SEOUL, April 12 (Yonhap) -- The interior minister has said the government will launch an interagency task force this month to discuss measures to relieve the overcrowding of the greater Seoul area.
"(South Korea) needs measures to block any (further) inflows of the population into the capital area in order to tackle the current situation under which more than 50 percent of the total population is concentrated in the capital area," Minister of the Interior and Safety Jeon Hae-cheol said in an interview with Yonhap News Agency last Friday.
He said that the government will launch a pan-governmental task force later this month to come up with detailed measures on the issue.
His remarks came as the population in the area that encompasses the capital, Gyeonggi Province and Incheon exceeded half of the country's total population for the first time in late 2019.
Of the around 51.8 million residents in total, over 26 million were residing in Seoul, Incheon and Gyeonggi Province as of this year, according to Statistics Korea.
According to Jeon, establishing a greater economic zone that integrates several cities into a single economic bloc, as being experimented by cities in the country's southeastern region, could be one of the solutions.
He also proposed combining several self-governing regional cities and provinces into a single provider of public services as one of the ways to boost their competitiveness and lower the disparity between the capital area and the rest.
As an example, the southeastern cities of Busan and Ulsan and South Gyeongsang Province have been experimenting with the concept of a "megacity" by merging themselves into one big zone that could rival the capital Seoul in terms of its economy and other functions.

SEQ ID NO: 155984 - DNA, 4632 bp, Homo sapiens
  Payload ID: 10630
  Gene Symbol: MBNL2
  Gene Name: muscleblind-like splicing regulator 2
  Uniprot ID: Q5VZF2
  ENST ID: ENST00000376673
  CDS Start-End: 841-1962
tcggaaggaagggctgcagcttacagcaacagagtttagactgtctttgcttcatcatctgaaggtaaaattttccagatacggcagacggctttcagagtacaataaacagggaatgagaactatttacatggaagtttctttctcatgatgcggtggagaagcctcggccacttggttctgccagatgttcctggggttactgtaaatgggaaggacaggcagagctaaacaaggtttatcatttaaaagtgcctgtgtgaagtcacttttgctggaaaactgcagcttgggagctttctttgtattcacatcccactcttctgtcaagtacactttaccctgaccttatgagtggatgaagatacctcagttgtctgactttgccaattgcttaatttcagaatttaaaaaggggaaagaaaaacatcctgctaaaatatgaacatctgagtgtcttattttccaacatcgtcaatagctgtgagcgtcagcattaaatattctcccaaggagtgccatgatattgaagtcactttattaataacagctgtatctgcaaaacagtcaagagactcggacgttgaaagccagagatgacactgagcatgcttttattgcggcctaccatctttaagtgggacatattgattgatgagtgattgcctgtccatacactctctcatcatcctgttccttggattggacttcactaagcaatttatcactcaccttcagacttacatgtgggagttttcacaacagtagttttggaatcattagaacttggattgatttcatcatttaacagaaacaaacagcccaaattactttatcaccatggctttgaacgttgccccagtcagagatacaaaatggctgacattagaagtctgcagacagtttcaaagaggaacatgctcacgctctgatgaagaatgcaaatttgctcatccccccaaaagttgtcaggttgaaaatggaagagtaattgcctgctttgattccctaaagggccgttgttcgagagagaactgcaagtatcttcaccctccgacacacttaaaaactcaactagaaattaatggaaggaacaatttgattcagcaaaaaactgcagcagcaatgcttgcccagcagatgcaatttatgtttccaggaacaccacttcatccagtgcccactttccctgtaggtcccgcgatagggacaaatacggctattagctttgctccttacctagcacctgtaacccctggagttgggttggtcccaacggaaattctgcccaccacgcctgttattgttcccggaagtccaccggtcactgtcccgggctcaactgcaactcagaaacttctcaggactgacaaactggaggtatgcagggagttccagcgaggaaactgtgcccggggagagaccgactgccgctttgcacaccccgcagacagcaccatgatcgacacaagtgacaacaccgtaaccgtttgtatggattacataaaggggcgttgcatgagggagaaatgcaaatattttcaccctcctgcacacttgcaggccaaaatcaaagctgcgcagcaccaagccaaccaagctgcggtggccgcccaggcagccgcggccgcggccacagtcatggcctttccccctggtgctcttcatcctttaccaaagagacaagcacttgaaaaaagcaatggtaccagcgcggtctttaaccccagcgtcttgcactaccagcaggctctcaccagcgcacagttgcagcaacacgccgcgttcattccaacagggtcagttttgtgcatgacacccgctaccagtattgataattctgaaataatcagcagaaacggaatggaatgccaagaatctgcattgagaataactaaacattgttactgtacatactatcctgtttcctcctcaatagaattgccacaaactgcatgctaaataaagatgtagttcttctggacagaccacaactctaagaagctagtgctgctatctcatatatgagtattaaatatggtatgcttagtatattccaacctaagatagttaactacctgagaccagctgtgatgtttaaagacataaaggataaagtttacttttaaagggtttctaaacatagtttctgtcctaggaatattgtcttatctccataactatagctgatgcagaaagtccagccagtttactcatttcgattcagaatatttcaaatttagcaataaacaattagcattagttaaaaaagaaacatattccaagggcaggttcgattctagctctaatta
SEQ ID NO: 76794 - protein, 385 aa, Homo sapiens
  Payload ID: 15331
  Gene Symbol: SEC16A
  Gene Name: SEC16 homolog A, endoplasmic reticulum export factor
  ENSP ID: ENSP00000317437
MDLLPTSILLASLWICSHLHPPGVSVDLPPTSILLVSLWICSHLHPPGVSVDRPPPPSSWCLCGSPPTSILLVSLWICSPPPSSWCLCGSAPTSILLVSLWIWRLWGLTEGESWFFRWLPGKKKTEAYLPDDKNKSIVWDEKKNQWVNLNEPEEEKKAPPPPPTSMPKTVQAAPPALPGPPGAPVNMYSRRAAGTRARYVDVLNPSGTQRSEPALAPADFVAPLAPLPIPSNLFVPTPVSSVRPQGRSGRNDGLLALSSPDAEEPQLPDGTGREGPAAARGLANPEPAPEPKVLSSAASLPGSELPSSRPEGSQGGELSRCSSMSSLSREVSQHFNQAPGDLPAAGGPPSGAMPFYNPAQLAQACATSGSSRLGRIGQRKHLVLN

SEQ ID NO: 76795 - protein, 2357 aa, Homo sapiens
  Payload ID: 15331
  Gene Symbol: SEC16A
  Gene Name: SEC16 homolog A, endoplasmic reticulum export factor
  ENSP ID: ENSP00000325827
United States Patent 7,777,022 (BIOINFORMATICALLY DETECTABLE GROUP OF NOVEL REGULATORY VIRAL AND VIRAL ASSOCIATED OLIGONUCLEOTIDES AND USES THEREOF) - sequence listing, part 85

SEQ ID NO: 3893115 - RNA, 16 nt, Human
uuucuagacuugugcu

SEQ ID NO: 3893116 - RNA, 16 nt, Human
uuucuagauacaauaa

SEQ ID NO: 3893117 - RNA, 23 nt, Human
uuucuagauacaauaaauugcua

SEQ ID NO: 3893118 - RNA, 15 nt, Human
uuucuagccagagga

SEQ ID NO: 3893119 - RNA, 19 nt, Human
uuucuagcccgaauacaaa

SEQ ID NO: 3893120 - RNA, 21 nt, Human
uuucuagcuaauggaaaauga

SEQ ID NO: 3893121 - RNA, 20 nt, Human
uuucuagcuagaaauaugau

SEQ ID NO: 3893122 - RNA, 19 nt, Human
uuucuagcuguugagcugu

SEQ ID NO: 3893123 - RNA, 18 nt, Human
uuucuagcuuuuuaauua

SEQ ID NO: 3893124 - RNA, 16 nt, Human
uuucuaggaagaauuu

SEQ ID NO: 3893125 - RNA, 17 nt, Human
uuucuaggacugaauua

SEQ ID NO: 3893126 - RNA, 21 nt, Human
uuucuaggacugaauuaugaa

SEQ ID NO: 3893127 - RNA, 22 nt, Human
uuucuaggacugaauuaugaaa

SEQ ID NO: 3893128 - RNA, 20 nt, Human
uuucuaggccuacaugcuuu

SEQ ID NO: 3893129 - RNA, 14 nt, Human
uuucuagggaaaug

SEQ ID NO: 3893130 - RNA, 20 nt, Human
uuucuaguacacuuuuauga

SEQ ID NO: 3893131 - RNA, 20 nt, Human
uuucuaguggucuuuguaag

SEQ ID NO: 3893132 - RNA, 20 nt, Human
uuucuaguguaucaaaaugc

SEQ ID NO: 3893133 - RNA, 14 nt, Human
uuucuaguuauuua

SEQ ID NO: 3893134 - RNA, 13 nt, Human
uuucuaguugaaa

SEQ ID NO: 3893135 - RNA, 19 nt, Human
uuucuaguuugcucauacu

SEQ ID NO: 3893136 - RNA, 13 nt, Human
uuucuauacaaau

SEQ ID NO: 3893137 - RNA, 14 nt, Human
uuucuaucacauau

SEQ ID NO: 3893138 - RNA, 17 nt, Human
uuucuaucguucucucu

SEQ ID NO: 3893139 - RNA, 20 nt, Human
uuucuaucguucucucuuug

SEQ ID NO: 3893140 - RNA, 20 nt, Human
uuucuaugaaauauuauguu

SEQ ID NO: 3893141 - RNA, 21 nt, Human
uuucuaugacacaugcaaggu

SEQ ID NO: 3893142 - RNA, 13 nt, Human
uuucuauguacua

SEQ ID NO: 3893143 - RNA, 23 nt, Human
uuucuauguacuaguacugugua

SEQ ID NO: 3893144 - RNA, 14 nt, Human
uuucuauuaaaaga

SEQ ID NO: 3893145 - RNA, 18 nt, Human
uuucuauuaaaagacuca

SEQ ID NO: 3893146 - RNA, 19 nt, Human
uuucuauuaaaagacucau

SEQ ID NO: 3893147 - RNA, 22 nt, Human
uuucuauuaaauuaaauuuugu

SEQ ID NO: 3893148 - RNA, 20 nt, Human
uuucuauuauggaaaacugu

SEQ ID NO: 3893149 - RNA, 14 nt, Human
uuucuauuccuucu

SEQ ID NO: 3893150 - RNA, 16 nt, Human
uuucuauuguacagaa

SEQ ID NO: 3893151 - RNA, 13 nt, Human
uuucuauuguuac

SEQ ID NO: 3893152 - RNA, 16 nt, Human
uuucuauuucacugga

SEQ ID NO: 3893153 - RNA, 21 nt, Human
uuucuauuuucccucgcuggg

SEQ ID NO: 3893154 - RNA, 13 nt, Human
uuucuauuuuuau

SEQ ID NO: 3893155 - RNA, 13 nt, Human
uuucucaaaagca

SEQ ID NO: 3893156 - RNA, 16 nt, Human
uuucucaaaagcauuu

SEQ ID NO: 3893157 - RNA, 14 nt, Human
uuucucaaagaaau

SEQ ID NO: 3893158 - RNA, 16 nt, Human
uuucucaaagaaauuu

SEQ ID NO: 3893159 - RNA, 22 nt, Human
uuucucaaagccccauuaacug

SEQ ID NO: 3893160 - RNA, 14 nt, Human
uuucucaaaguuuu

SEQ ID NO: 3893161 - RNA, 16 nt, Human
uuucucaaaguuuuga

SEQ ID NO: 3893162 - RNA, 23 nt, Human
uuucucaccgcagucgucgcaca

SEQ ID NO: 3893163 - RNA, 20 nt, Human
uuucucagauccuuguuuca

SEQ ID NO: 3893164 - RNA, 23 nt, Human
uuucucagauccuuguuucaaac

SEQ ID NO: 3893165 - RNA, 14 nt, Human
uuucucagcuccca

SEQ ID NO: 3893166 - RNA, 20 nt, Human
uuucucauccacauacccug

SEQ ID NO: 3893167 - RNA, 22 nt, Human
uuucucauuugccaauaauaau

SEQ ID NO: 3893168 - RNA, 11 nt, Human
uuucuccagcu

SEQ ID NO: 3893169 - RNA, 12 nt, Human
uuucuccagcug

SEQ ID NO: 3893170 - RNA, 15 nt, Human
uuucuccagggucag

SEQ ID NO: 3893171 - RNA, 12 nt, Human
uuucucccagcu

"We need to take many different measures to prevent the concentration of the population in the broad capital area because there are many different reasons for that," Jeon said, adding that the issue holds a soft spot in his heart.
Jeon was a former top secretary for civil affairs for late former President Roh Moo-hyun, who unsuccessfully tried to relocate the country's capital to near what is now, the administrative town of Sejong.
Last year, the country's Local Autonomy Law was revised to allow the establishment of a special local autonomous government that combines two or more municipalities under common purposes.
The upcoming task force, once launched, will discuss and come up with ways to help regional municipalities tackle nuts-and-bolts issues in their efforts to build a special combined entity, such as taxation or budget financing, by August, the interior minister said.
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